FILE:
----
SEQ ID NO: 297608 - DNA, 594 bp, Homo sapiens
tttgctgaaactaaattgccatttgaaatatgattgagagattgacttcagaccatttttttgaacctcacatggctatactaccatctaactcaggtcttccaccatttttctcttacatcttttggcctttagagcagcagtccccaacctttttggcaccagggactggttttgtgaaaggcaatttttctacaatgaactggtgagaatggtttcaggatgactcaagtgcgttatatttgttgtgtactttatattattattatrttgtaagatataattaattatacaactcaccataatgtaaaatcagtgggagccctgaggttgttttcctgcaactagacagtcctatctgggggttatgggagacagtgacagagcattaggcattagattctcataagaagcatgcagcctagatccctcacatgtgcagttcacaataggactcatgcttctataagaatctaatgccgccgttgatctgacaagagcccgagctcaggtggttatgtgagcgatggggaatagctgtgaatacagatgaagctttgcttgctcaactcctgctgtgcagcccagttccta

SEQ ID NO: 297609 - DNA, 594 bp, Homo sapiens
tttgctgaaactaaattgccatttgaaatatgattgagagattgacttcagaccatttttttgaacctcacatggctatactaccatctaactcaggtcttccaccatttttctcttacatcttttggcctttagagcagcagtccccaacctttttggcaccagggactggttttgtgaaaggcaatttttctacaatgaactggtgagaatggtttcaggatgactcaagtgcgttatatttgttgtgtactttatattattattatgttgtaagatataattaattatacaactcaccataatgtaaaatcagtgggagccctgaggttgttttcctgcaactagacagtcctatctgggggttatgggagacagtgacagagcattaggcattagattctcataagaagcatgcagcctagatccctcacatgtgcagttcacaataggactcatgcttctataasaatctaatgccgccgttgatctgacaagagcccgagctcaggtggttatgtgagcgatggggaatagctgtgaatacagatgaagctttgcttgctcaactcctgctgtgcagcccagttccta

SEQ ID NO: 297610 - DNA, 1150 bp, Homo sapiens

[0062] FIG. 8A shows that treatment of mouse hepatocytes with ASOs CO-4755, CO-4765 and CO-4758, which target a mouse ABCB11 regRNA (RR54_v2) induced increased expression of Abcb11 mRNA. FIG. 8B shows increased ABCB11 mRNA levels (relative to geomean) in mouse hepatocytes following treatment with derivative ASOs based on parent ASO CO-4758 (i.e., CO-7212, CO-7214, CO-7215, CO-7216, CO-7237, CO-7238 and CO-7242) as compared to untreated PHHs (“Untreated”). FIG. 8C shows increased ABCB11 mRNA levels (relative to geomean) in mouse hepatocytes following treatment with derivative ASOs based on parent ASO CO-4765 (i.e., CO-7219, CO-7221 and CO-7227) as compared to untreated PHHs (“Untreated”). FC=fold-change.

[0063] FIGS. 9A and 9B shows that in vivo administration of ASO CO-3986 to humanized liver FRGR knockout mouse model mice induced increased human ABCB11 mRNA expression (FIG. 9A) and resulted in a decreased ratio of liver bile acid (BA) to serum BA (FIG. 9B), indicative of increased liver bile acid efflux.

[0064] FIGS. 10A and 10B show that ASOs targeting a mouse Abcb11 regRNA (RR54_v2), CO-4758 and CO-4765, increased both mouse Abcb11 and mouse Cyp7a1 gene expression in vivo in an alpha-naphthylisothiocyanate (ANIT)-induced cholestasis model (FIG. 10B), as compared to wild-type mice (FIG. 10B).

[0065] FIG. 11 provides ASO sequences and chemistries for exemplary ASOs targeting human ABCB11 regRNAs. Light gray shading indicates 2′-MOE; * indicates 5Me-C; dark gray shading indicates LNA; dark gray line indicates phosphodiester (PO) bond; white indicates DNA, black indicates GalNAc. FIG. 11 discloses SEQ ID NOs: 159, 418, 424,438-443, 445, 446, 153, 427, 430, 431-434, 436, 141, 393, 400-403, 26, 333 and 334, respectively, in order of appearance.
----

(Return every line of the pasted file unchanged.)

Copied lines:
SEQ ID NO: 297608 - DNA, 594 bp, Homo sapiens
tttgctgaaactaaattgccatttgaaatatgattgagagattgacttcagaccatttttttgaacctcacatggctatactaccatctaactcaggtcttccaccatttttctcttacatcttttggcctttagagcagcagtccccaacctttttggcaccagggactggttttgtgaaaggcaatttttctacaatgaactggtgagaatggtttcaggatgactcaagtgcgttatatttgttgtgtactttatattattattatrttgtaagatataattaattatacaactcaccataatgtaaaatcagtgggagccctgaggttgttttcctgcaactagacagtcctatctgggggttatgggagacagtgacagagcattaggcattagattctcataagaagcatgcagcctagatccctcacatgtgcagttcacaataggactcatgcttctataagaatctaatgccgccgttgatctgacaagagcccgagctcaggtggttatgtgagcgatggggaatagctgtgaatacagatgaagctttgcttgctcaactcctgctgtgcagcccagttccta

SEQ ID NO: 297609 - DNA, 594 bp, Homo sapiens
tttgctgaaactaaattgccatttgaaatatgattgagagattgacttcagaccatttttttgaacctcacatggctatactaccatctaactcaggtcttccaccatttttctcttacatcttttggcctttagagcagcagtccccaacctttttggcaccagggactggttttgtgaaaggcaatttttctacaatgaactggtgagaatggtttcaggatgactcaagtgcgttatatttgttgtgtactttatattattattatgttgtaagatataattaattatacaactcaccataatgtaaaatcagtgggagccctgaggttgttttcctgcaactagacagtcctatctgggggttatgggagacagtgacagagcattaggcattagattctcataagaagcatgcagcctagatccctcacatgtgcagttcacaataggactcatgcttctataasaatctaatgccgccgttgatctgacaagagcccgagctcaggtggttatgtgagcgatggggaatagctgtgaatacagatgaagctttgcttgctcaactcctgctgtgcagcccagttccta

SEQ ID NO: 297610 - DNA, 1150 bp, Homo sapiens

[0062] FIG. 8A shows that treatment of mouse hepatocytes with ASOs CO-4755, CO-4765 and CO-4758, which target a mouse ABCB11 regRNA (RR54_v2) induced increased expression of Abcb11 mRNA. FIG. 8B shows increased ABCB11 mRNA levels (relative to geomean) in mouse hepatocytes following treatment with derivative ASOs based on parent ASO CO-4758 (i.e., CO-7212, CO-7214, CO-7215, CO-7216, CO-7237, CO-7238 and CO-7242) as compared to untreated PHHs (“Untreated”). FIG. 8C shows increased ABCB11 mRNA levels (relative to geomean) in mouse hepatocytes following treatment with derivative ASOs based on parent ASO CO-4765 (i.e., CO-7219, CO-7221 and CO-7227) as compared to untreated PHHs (“Untreated”). FC=fold-change.

[0063] FIGS. 9A and 9B shows that in vivo administration of ASO CO-3986 to humanized liver FRGR knockout mouse model mice induced increased human ABCB11 mRNA expression (FIG. 9A) and resulted in a decreased ratio of liver bile acid (BA) to serum BA (FIG. 9B), indicative of increased liver bile acid efflux.

[0064] FIGS. 10A and 10B show that ASOs targeting a mouse Abcb11 regRNA (RR54_v2), CO-4758 and CO-4765, increased both mouse Abcb11 and mouse Cyp7a1 gene expression in vivo in an alpha-naphthylisothiocyanate (ANIT)-induced cholestasis model (FIG. 10B), as compared to wild-type mice (FIG. 10B).

[0065] FIG. 11 provides ASO sequences and chemistries for exemplary ASOs targeting human ABCB11 regRNAs. Light gray shading indicates 2′-MOE; * indicates 5Me-C; dark gray shading indicates LNA; dark gray line indicates phosphodiester (PO) bond; white indicates DNA, black indicates GalNAc. FIG. 11 discloses SEQ ID NOs: 159, 418, 424,438-443, 445, 446, 153, 427, 430, 431-434, 436, 141, 393, 400-403, 26, 333 and 334, respectively, in order of appearance.